Halfway Hope

Why the IOP should be your “Anti-Politic”

Politics for too long has been considered a “niche problem.” Historically, politicians—individuals suffering from politics—have been concentrated in only a small segment of population: white, affluent, hetero-normative men. This perception has allowed the disease to grow to epidemic levels unnoticed as people pacify themselves under false pretenses. Across the nation, mothers calm themselves at night by thinking, “My children won’t start politics, we live in an impoverished minority area.” Many people don’t get tested for politics even after being in close contact with a likely carrier. They think: “It’s ok because I’m a woman,” “I’m a gay man; I can’t become a politician,” or, “We used three condoms there’s no way I’ll become political.” The sad truth is that politics over the past century has been spreading into every ethnic, economic, and social level.

However, after suffering from politics for nearly three thousand years since the first recorded outbreak in Greek city-states, humanity has hope for a cure, and some of the most interesting work is being done here at Harvard. The 40-year old Institute of Politics is the experimental hope for reducing the number of politicians in the world. The IOP, as described by Jason Zenerle of the New Republic, serves as “a sort of halfway house for recently defeated politicians trying to reenter decent society.” This strategy of using rehabilitation to solve the political problem stands in stark contrast to the two ineffective methods that are currently dominant: exile and incarceration.

Historically, like most former British colonies, the United States’ primary strategy for dealing with politicians is exile. (Imprisonment is preferred across the world in places including China, Russia, Africa, the Middle East, and Latin America). When our forefathers initially landed on the American continent, they brought with them a theory of exile that originally developed in medieval England from plague prevention techniques. Every few years, the citizens of certain locales would determine the most dangerous politician and exile them for a few years to an isolated building—in England “Parliament” and in the colonies “legislatures”—in a remote location where politicians couldn’t hurt society and would survive off government pensions supplemented by periodic begging for funds. However, despite these 13 leper-colony-like areas, America couldn’t successfully control its political problem, which led to the American Revolution.

After the Revolution, America made its largest revision in its approach to eradicating politicians. Besides the numerous “legislatures,” the former colonies set aside a reservation in the swamps between Maryland and Virginia expressly for containing politicians. Every other year, communities would exile the individual with the most votes against him to the swamp reservation for two years. Every state also would select the two politicians with the severest condition and exile them for six years. Although this exile system has been in place for 226 years, it has simply slowed the infection rate instead of reversing the tide.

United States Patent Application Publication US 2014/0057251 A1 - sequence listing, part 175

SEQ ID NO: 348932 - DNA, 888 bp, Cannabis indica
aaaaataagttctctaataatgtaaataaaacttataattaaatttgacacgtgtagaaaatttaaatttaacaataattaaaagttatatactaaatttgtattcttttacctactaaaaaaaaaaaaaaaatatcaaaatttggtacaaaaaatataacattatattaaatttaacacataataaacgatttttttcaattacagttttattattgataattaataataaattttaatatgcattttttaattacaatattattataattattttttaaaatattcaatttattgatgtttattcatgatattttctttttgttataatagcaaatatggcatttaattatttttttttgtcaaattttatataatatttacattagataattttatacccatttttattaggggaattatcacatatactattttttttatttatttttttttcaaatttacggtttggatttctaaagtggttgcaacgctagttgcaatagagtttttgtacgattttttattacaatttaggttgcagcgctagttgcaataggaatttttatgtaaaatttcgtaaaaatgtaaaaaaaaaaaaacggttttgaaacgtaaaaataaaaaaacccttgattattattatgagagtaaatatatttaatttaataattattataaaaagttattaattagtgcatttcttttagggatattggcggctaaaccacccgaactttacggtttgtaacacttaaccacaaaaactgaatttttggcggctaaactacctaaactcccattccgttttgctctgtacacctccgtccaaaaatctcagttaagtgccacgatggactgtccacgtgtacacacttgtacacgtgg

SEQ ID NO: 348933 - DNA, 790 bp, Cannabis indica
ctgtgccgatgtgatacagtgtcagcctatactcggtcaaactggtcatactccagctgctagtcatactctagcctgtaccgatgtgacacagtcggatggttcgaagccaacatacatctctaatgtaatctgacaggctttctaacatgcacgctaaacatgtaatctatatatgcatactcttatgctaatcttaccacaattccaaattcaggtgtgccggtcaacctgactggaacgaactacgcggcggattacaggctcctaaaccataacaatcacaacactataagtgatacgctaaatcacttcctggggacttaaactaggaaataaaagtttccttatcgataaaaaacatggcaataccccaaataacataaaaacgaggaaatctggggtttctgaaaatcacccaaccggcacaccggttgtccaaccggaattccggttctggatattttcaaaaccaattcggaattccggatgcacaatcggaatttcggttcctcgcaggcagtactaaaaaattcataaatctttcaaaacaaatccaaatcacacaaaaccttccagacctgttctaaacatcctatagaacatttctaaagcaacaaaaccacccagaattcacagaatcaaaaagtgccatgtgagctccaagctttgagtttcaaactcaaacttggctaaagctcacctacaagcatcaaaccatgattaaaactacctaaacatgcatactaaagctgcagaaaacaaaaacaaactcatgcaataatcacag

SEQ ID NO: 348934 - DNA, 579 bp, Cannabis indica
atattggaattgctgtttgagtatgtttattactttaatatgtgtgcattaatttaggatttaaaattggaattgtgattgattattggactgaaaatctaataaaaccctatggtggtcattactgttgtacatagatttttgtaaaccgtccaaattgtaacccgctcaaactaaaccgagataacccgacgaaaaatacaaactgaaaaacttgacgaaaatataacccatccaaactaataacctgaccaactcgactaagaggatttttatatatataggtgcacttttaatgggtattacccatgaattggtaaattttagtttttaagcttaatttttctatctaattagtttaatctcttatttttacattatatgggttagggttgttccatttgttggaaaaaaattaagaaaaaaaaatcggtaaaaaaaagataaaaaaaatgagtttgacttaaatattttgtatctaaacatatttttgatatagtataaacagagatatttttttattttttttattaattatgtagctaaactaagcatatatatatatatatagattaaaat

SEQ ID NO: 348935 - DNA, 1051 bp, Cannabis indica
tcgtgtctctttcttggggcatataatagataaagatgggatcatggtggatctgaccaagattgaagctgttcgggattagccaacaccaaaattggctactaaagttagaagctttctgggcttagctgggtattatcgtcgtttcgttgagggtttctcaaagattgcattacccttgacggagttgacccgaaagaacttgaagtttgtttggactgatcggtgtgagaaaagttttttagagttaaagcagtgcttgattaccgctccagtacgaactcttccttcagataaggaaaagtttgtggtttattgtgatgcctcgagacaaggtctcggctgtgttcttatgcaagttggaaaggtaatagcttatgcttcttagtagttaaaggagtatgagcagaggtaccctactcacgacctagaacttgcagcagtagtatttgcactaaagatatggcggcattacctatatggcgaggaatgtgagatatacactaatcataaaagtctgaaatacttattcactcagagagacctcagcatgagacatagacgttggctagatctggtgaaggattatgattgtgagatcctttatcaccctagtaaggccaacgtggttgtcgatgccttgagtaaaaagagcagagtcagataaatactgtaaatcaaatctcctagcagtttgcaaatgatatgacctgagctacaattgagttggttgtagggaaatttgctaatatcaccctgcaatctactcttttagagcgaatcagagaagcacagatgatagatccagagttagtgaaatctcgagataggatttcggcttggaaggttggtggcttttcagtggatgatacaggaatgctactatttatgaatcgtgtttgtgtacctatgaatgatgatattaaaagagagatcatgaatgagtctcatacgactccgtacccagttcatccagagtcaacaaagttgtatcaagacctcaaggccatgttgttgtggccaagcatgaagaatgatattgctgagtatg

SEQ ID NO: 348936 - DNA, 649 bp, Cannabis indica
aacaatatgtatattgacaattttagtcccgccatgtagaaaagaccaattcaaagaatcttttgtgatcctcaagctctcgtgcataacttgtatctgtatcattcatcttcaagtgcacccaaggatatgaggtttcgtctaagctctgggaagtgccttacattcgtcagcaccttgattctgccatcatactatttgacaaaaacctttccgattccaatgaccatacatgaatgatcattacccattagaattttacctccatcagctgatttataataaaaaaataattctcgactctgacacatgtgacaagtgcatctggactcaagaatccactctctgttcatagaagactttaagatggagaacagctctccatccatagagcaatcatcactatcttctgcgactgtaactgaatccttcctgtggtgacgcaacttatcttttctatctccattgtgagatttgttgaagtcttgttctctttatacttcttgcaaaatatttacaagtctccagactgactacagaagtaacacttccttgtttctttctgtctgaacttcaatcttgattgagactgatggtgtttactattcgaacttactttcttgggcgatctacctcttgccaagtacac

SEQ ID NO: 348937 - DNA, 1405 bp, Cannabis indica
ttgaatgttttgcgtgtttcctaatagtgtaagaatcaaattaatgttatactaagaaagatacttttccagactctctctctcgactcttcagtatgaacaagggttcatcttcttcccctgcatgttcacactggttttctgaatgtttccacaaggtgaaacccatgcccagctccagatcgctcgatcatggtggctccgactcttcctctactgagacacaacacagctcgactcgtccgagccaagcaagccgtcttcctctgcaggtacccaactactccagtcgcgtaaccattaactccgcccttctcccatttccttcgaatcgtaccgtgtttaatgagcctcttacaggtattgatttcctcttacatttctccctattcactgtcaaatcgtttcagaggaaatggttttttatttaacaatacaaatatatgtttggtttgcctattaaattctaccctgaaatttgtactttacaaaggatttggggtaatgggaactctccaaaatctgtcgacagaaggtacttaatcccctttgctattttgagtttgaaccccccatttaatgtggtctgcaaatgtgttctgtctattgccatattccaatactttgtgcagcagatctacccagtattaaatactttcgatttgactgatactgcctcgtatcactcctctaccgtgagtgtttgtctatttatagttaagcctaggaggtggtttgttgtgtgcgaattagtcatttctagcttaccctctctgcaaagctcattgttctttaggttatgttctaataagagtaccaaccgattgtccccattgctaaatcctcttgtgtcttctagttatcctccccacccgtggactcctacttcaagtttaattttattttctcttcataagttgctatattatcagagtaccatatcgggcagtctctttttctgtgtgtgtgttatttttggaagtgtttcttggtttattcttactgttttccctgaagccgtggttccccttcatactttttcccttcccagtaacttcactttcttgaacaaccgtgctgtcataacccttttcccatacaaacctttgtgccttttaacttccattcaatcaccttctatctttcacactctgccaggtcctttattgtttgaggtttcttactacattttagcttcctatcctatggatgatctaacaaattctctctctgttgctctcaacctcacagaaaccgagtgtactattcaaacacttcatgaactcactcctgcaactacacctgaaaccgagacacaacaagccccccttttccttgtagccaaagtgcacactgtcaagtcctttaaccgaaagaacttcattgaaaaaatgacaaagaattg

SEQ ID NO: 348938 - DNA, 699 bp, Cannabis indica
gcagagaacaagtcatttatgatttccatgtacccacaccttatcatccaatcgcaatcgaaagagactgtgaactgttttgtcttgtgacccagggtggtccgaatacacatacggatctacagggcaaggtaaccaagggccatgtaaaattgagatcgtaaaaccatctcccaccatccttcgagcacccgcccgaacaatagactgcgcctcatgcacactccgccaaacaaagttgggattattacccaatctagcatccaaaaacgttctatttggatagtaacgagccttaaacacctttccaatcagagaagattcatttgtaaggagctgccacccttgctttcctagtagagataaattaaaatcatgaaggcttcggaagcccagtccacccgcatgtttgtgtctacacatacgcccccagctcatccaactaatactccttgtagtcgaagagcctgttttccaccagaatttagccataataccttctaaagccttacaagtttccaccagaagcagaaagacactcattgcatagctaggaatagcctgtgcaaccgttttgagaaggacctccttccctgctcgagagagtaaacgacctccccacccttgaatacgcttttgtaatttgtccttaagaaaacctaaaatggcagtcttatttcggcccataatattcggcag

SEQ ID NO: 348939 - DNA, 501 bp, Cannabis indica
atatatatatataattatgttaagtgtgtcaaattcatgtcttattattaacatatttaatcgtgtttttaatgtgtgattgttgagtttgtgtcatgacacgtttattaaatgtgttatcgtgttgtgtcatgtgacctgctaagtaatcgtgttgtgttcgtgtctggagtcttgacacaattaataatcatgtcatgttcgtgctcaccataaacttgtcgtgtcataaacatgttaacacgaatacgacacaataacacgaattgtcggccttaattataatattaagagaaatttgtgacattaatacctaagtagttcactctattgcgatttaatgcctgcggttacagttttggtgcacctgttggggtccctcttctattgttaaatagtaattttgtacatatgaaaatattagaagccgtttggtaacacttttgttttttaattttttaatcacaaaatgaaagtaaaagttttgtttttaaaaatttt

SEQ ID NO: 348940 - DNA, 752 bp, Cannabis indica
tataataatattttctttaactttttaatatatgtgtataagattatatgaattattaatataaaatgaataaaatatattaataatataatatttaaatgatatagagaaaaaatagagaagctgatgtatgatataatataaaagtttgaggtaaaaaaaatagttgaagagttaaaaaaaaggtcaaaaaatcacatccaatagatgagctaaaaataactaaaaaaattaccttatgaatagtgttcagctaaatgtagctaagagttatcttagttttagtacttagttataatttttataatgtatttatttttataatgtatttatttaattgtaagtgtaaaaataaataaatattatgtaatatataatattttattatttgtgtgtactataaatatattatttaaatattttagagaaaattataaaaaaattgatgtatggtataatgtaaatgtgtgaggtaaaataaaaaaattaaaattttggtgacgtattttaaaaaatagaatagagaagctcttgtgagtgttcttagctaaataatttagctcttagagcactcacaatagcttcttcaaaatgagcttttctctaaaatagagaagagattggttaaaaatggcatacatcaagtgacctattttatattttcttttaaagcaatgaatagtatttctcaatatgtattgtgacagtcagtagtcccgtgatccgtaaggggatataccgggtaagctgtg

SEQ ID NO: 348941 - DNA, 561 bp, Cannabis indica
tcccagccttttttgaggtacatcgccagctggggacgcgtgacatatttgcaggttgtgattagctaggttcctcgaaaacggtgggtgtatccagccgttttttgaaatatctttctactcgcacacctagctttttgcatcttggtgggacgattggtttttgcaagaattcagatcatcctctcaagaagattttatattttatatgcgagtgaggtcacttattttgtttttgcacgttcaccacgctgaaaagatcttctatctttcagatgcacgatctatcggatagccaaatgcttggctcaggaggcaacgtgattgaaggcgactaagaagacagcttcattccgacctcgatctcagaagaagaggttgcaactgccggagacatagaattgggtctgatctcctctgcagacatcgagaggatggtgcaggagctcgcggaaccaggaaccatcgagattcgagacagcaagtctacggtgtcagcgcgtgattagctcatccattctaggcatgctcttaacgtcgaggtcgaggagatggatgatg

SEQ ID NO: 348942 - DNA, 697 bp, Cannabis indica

The deficiencies in large-scale government response to the politician epidemic have forced small private organizations to carry the burden of keeping our streets clean of politicians. The IOP has served as a model for this cause by attempting to rehabilitate the politicians with the most pressing conditions who fall through the cracks. The institute finds individuals who have returned from exile in the swamp reservation or by a few votes avoided imminent exile. These individuals hope to turn around their lives, and with the assistance of mentors who have successfully kicked their political habits, the politicians enter into an intense and disciplined program of detox.

The benefit that the IOP gives society by taking more politicians off the street is amplified innumerably by its educational mission. Every year, numerous “at-risk” students from the Harvard community attend intimate sessions called “study groups” at the hope of the staff of scaring the kids straight. The large number of these students implied a failure in America’s youth prevention programs. Despite naming schools after and erecting monuments for notable assassinated politicians, within some communities children don’t heed the warning and latch onto the glamorized image of politicians offered by television, movies, and especially video games. Real life encounters with actual politicians succeeds where state-mandated prevention programs of teaching civics and history in schools fail. Students leave knowing that government concentrations, debate teams, and The Washington Post aren’t bits of recreational fun with buddies to be “cool,” but rather the gateway to the brutal reality of being a policy-pusher.

Politics is curable. All that is needed is the willpower to stop using archaic ineffective measures and instead embrace the tools of a new strategy: rehabilitation. Harvard’s Institute of Politics is a good start. Hopefully across the country communities will create similar institutions to get the politicians out of our neighborhoods and off our streets.



Steven T. Cupps ’09 is an biological anthropology concentrator in Lowell House. His column appears on alternate Thursdays.